IBM recently made a big announcement, saying they have developed a cool AI tool that’s gonna blow your mind! This tool is all about converting COBOL code into Java, and it’s gonna be a game-changer, folks. They’re giving us a sneak peek next month during their TechXchange learning event. How awesome is that?
According to Kyle Charlet, the CTO for Z software at IBM, they’ve trained large language models (LLMs) to handle this task. These models not only convert COBOL into Java code, but they also optimize it. That’s right, they improve the syntax and make the generated Java code waaay better. It’s like magic, man!
Now, get this: IBM’s code model, which is part of their watsonx.ai project, has knowledge of a mind-blowing 115 coding languages! That’s insane. And guess what? It’s based on a whopping 20 billion parameters! This thing is powerful, my friend. And they’re planning to expand it to other programming languages like PL/1. That’s ambitious.
Now, here’s something interesting. This code model I’m talking about is the same one they used for Red Hat Ansible Lightspeed. Yeah, that’s right. This tool can generate code for an IT automation framework, and it’s coming out later this year. But wait, there’s more. IBM is also considering using generative AI to convert REXX code into Ansible code. That’s some next-level stuff, man.
But here’s the real deal: IBM wants to use these generative AI tools, along with their existing Application Discovery and Delivery Intelligence (ADDI) inventory and analysis tool, to make life easier for developers. They wanna streamline the modernization of those legacy mainframe applications. It’s all about making things faster and more efficient, you know?
But here’s the cherry on top: The plan is not to get rid of COBOL applications entirely. Nah, they still gonna stay on the mainframe. But with this new tool, developers who know Java can create applications that still use the same data sources as the original COBOL apps. Isn’t that something? It opens up mainframes to a wider pool of developers and boosts innovation in application development. Genius move, if you ask me.
Now, let’s talk about the massive amount of COBOL code out there. It’s crazy, man. Billions of lines running on mainframes, waiting to be modernized. And here’s the thing: The pool of developers who know COBOL is shrinking. That’s a fact. But with generative AI, code conversion efforts can skyrocket. Updates, validation, and testing can be done quick and easy. No more years of tedious work, my friend.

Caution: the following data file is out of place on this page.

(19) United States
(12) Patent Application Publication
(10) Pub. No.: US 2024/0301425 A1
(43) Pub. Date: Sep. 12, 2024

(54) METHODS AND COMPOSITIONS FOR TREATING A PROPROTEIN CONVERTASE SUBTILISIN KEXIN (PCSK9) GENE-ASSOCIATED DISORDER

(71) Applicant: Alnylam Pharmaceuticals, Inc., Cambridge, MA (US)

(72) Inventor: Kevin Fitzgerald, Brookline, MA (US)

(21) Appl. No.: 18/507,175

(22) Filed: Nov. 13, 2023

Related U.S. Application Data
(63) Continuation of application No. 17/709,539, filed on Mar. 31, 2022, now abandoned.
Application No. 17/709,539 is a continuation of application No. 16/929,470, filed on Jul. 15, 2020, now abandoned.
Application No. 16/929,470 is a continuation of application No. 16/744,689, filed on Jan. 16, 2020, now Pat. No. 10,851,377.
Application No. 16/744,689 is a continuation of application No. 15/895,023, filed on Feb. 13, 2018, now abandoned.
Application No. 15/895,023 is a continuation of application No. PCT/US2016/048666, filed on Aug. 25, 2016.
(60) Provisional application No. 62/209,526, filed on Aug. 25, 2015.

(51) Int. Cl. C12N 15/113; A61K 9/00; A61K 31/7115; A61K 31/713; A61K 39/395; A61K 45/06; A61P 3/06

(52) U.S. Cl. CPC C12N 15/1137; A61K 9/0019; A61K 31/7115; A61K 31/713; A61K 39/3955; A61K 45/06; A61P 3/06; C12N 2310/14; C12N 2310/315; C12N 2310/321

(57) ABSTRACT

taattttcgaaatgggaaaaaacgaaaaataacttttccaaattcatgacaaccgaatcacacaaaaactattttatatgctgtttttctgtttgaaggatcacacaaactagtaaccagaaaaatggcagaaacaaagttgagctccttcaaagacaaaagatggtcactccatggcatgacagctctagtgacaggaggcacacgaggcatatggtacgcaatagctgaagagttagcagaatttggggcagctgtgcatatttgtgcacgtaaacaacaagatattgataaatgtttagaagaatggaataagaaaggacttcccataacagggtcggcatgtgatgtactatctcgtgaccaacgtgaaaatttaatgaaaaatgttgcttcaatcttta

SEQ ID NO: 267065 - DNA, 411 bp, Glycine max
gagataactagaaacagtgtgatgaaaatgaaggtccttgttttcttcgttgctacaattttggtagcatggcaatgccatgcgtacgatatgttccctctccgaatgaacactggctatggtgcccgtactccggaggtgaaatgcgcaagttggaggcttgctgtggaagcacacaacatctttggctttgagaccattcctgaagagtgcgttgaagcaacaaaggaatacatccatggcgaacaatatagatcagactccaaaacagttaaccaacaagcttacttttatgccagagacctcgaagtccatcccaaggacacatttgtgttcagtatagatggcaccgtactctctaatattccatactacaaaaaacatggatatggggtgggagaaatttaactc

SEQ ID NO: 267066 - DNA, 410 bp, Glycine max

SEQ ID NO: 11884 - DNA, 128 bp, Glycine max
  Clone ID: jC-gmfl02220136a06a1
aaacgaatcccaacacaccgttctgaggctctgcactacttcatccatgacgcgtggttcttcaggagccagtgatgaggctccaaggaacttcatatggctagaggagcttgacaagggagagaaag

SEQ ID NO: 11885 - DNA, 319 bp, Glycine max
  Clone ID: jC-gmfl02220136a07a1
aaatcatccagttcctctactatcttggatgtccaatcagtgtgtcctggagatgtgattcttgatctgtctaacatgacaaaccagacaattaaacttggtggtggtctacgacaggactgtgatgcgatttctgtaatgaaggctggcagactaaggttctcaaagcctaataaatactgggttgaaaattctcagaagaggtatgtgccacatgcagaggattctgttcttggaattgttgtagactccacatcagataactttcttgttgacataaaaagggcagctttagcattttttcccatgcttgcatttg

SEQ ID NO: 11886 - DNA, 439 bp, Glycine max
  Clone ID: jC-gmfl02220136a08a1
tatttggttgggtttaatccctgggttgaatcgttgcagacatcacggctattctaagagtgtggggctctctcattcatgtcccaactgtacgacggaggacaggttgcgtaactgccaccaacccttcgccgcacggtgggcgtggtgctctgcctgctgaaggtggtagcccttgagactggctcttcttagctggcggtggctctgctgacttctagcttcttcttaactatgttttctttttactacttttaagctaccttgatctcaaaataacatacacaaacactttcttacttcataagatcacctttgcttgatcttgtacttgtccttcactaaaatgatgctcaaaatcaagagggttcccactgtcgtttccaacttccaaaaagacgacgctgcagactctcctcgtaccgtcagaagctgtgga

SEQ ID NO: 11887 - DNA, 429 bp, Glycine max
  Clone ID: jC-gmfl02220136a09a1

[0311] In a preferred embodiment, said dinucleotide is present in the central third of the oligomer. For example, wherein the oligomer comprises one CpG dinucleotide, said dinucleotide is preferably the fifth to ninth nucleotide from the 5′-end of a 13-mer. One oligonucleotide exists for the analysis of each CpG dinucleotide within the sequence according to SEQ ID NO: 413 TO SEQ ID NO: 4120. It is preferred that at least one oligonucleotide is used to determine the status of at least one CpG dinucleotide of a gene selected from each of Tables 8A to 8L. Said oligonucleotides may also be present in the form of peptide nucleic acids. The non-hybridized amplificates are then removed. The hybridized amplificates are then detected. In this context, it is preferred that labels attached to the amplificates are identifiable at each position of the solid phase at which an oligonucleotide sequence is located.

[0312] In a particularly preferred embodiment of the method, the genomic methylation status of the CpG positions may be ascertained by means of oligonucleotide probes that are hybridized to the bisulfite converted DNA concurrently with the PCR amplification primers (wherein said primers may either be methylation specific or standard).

Look, it’s hard to say exactly how quickly organizations will jump on the modernization bandwagon. But as the time and effort to do so decreases, the cost of modernizing legacy code will follow suit. So, it’s a win-win situation. Those organizations still running z/OS on mainframes can transition to Java and save some serious cash when it comes to building and maintaining those applications.
But hold on a second, folks. Don’t start thinking AI is gonna replace developers altogether. IBM actually recommends that developers optimize the Java code generated by their watsonx Code Assistant for Z. It’s like a little nudge to keep those developers in the game. Keep pushing, keep improving.
Let me tell you something, my friend. Most developers are already using some form of AI to speed up application development. But here’s the exciting part: The future holds even more AI goodness. We’re talking about LLMs optimized for specific tasks, generating more dependable results. It’s all about the quality of the data, man. The more refined and vetted that data is, the more reliable the AI becomes. We want to avoid those AI hallucinations, don’t we?
So, there you have it. IBM is changing the game with their generative AI tool. We’re talking COBOL to Java conversion, streamlining legacy mainframe applications, and opening up doors for more innovation. It’s exciting to see what the future holds. Get ready, folks. The AI revolution is just getting started.